Share and share alike

Mete out or partake of something equally, as in Mom told the children to share and share alike with their Halloween candy. This term, first recorded about 1566, alluded to the equal apportioning of spoils and soon was broadened to include equal sharing in the costs of a venture and other undertakings or possessions to mean, those engaged in any joint enterprise should divide the profits (or losses) fairly.

The proverb was first known as ‘share and share like’, as in this quote from Richard Edwards’s comedy Damon and Pithias, 1566:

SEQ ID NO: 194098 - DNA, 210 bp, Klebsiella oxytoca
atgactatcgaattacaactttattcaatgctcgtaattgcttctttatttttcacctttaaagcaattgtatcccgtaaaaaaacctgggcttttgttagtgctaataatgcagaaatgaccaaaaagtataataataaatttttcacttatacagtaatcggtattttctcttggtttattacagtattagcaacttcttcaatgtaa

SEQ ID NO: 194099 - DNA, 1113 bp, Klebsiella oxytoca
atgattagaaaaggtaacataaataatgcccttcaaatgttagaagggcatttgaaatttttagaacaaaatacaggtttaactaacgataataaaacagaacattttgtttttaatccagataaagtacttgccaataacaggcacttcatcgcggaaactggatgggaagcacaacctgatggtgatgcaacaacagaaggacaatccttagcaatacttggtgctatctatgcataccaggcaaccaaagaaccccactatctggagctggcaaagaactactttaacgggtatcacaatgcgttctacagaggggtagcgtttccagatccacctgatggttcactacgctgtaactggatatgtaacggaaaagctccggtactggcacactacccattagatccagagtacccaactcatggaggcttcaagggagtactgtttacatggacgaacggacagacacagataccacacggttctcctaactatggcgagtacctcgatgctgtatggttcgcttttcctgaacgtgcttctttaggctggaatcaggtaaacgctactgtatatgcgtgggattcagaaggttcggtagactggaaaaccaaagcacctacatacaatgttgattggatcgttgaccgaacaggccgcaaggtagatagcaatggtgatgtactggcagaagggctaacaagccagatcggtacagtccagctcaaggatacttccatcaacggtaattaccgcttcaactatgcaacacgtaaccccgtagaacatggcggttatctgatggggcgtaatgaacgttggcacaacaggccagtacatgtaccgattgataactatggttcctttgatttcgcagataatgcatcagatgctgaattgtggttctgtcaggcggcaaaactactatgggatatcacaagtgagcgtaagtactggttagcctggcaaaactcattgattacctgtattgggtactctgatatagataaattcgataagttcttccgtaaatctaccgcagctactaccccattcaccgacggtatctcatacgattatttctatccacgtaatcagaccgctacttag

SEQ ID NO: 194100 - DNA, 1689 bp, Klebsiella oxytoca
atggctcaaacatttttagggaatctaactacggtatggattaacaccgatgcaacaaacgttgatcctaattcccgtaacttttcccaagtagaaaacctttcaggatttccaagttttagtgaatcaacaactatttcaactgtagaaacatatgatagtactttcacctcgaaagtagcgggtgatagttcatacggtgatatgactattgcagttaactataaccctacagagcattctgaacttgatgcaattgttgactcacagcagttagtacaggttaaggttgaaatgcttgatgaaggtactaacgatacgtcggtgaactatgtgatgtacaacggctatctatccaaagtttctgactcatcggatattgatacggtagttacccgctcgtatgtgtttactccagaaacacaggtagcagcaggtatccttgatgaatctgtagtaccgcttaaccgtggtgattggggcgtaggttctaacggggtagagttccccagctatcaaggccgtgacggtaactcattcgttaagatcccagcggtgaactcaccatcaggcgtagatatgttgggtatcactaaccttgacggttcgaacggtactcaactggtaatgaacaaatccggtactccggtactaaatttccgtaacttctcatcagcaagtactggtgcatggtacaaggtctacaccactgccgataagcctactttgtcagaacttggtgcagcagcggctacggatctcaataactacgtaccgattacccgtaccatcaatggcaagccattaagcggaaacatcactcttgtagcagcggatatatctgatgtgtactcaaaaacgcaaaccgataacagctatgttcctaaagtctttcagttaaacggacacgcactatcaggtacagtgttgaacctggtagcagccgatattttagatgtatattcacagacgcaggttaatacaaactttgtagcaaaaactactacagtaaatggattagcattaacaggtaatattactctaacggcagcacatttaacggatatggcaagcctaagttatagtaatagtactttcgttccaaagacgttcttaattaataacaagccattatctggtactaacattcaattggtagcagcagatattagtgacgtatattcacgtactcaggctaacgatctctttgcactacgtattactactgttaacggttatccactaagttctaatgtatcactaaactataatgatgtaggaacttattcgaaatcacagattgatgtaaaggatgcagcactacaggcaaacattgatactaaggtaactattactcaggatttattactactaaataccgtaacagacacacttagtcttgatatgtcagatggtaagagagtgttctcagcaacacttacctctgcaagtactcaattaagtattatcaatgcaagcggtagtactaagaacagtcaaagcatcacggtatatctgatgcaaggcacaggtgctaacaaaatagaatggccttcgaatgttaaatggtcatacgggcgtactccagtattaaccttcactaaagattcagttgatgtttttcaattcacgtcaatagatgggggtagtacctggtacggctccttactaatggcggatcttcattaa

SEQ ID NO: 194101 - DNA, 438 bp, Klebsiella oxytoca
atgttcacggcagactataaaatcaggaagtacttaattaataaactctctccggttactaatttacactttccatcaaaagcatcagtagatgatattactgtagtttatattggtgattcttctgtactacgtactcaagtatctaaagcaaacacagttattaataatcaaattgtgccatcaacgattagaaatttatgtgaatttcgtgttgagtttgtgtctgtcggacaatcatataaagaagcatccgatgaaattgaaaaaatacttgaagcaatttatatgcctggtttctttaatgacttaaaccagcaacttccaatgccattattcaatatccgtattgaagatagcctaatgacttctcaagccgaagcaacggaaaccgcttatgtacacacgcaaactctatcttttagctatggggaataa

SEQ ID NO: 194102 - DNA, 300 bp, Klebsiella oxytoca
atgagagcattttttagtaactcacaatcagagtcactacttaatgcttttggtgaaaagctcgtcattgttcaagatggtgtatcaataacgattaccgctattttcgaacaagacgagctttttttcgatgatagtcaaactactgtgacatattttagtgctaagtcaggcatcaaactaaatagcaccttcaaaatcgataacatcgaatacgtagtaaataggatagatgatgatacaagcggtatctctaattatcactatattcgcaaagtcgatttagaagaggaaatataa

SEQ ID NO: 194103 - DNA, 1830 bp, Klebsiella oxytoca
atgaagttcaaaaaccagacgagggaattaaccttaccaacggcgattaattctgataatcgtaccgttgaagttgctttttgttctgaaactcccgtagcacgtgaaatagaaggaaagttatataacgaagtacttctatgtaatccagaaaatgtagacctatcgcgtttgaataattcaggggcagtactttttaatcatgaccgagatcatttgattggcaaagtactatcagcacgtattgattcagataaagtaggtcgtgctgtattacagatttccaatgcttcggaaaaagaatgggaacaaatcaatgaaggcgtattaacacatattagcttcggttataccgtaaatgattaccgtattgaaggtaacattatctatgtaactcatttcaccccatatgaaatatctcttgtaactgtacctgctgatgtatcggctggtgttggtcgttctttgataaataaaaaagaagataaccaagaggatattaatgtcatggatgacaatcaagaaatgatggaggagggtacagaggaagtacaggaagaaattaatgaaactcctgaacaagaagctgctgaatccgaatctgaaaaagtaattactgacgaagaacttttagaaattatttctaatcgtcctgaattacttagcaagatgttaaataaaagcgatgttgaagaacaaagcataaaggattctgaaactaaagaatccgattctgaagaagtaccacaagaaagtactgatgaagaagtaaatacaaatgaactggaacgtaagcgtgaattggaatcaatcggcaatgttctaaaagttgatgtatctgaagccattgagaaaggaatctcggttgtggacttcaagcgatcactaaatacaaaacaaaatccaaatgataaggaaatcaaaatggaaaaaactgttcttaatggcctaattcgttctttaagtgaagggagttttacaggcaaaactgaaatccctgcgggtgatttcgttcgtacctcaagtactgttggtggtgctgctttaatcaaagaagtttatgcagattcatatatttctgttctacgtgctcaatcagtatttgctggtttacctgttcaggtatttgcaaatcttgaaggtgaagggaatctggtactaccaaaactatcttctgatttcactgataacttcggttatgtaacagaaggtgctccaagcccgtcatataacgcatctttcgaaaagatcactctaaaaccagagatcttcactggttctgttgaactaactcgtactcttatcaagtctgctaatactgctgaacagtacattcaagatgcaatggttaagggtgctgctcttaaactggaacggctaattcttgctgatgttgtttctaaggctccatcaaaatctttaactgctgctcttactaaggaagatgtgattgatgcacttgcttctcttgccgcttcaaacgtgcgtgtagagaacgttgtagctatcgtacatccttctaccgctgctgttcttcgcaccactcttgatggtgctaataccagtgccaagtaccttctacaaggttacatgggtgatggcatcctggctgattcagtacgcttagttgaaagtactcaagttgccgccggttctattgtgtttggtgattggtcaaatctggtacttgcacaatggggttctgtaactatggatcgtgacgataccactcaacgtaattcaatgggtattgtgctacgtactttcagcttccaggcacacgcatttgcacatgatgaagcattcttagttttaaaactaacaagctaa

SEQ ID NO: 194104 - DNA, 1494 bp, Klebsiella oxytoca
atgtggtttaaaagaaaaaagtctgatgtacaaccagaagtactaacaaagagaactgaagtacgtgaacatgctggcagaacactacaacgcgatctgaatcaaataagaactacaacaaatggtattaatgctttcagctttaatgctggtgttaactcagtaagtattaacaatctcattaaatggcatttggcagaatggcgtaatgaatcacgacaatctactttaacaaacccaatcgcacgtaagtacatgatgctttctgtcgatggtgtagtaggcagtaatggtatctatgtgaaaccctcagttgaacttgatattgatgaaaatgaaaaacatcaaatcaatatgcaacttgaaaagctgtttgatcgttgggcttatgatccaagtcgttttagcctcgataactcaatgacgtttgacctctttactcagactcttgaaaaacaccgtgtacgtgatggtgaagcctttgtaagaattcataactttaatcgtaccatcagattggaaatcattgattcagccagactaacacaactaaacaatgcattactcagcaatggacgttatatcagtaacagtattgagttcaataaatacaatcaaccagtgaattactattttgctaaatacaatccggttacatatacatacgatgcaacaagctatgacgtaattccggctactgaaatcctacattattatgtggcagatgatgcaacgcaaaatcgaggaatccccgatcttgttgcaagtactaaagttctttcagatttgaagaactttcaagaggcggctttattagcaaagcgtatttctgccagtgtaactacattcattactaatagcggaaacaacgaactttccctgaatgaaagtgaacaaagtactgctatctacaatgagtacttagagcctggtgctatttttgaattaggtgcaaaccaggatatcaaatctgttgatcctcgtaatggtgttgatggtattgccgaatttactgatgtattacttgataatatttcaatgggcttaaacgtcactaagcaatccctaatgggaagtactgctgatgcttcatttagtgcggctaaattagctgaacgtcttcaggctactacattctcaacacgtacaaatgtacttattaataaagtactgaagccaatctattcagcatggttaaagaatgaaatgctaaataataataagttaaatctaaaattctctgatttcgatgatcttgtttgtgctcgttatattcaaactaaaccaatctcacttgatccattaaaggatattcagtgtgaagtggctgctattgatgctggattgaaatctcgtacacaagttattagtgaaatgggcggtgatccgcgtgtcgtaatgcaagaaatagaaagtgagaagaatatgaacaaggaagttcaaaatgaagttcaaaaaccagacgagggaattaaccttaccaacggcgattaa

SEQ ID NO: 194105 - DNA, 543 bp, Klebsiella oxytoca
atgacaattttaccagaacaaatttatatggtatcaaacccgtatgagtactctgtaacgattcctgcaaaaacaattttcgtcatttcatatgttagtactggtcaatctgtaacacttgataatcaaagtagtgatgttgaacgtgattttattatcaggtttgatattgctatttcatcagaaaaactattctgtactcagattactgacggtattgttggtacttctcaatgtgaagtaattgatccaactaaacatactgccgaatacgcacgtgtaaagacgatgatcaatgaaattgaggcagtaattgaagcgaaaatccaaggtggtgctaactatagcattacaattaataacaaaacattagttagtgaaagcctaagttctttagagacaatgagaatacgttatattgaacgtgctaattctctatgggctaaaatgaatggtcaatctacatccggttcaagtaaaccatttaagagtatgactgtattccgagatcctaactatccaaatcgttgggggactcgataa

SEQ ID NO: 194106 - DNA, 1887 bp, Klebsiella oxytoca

“Let vs into the Courte to parte the spoyle, share and share like.”

Daniel De Foe, appears to be the first to have used the ‘share and share alike’ version. That was is Robinson Crusoe, or as he called it The life and strange adventures of Robinson Crusoe, 1719:

“He declar’d he had reserv’d nothing from the Men, and went Share and Share alike with them in every Bit they eat.”